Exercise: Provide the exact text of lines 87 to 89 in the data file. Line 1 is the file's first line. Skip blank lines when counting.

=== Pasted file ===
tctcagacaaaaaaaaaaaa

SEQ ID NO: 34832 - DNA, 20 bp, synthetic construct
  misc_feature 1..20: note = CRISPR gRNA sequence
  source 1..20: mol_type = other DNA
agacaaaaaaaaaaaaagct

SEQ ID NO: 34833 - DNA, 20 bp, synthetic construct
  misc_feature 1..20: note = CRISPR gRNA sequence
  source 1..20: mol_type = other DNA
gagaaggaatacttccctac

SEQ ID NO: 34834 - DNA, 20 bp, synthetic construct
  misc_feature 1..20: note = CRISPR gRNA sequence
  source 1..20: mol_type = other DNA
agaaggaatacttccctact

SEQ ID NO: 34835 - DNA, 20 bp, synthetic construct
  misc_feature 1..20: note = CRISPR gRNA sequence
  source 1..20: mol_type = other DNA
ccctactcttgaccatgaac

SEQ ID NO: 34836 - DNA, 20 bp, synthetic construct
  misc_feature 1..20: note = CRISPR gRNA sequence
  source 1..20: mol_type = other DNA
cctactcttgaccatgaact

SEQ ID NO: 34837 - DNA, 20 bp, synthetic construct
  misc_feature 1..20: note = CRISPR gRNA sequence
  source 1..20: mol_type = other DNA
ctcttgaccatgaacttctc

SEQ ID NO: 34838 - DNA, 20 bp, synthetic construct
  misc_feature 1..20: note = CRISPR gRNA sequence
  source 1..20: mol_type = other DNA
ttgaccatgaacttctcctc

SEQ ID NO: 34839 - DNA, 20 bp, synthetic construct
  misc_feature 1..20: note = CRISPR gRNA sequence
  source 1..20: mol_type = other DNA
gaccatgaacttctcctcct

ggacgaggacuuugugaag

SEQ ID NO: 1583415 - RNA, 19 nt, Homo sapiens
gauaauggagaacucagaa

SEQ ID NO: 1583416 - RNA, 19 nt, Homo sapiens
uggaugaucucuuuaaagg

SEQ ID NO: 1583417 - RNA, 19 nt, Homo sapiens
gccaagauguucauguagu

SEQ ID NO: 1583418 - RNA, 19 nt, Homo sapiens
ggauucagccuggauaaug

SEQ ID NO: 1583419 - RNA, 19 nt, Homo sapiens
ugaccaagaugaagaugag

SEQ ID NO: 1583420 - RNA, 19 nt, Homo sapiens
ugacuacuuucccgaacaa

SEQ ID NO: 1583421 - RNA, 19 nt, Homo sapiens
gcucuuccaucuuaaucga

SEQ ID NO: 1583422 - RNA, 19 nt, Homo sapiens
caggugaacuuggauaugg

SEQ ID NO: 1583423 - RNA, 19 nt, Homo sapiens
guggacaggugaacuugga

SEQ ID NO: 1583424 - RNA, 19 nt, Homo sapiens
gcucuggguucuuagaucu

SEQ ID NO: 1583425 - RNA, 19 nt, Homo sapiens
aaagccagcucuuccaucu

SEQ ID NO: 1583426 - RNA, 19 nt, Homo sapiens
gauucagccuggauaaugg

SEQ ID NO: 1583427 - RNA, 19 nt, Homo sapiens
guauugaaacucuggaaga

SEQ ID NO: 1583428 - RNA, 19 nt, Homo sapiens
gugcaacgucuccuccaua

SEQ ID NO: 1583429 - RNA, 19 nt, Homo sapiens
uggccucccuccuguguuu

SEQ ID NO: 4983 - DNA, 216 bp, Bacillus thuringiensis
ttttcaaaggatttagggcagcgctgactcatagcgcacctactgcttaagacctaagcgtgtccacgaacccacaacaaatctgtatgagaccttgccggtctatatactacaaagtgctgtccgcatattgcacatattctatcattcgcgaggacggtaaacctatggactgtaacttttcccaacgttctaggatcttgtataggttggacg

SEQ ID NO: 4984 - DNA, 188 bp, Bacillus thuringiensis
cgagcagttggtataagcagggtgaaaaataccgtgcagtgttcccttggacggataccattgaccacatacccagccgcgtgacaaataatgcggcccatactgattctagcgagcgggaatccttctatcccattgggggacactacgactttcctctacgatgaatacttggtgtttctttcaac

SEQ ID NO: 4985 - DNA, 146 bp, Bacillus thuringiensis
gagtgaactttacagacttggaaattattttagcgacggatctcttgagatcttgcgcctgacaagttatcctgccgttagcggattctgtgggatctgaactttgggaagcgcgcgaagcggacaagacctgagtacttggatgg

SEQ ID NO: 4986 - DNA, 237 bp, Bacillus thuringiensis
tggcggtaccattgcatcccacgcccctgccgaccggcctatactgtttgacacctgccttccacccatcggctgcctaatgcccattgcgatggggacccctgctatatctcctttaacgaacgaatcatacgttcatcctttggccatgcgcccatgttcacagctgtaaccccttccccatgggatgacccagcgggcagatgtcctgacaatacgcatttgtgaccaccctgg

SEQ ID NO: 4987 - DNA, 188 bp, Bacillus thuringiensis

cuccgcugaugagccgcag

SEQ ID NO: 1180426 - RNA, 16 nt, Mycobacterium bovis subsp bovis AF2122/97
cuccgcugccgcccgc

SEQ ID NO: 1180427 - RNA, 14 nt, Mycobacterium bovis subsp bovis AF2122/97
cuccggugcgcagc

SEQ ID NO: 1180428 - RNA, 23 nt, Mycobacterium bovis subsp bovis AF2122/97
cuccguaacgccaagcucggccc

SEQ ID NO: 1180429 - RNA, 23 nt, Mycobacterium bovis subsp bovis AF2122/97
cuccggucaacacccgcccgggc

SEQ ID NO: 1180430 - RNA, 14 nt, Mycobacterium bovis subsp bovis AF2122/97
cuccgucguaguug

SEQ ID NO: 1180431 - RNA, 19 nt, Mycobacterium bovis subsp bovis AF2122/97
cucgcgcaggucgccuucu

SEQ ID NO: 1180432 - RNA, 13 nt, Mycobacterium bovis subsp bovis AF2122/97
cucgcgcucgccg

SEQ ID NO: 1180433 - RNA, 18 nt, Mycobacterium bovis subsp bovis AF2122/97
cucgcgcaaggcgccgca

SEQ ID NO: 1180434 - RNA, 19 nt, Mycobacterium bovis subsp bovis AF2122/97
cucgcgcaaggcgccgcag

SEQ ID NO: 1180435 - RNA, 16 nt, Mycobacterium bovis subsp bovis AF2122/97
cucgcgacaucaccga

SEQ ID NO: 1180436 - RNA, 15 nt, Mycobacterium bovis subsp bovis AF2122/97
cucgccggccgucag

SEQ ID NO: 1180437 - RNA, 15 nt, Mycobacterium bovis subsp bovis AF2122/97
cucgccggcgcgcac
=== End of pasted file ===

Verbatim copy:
SEQ ID NO: 1180432 - RNA, 13 nt, Mycobacterium bovis subsp bovis AF2122/97
cucgcgcucgccg

SEQ ID NO: 1180433 - RNA, 18 nt, Mycobacterium bovis subsp bovis AF2122/97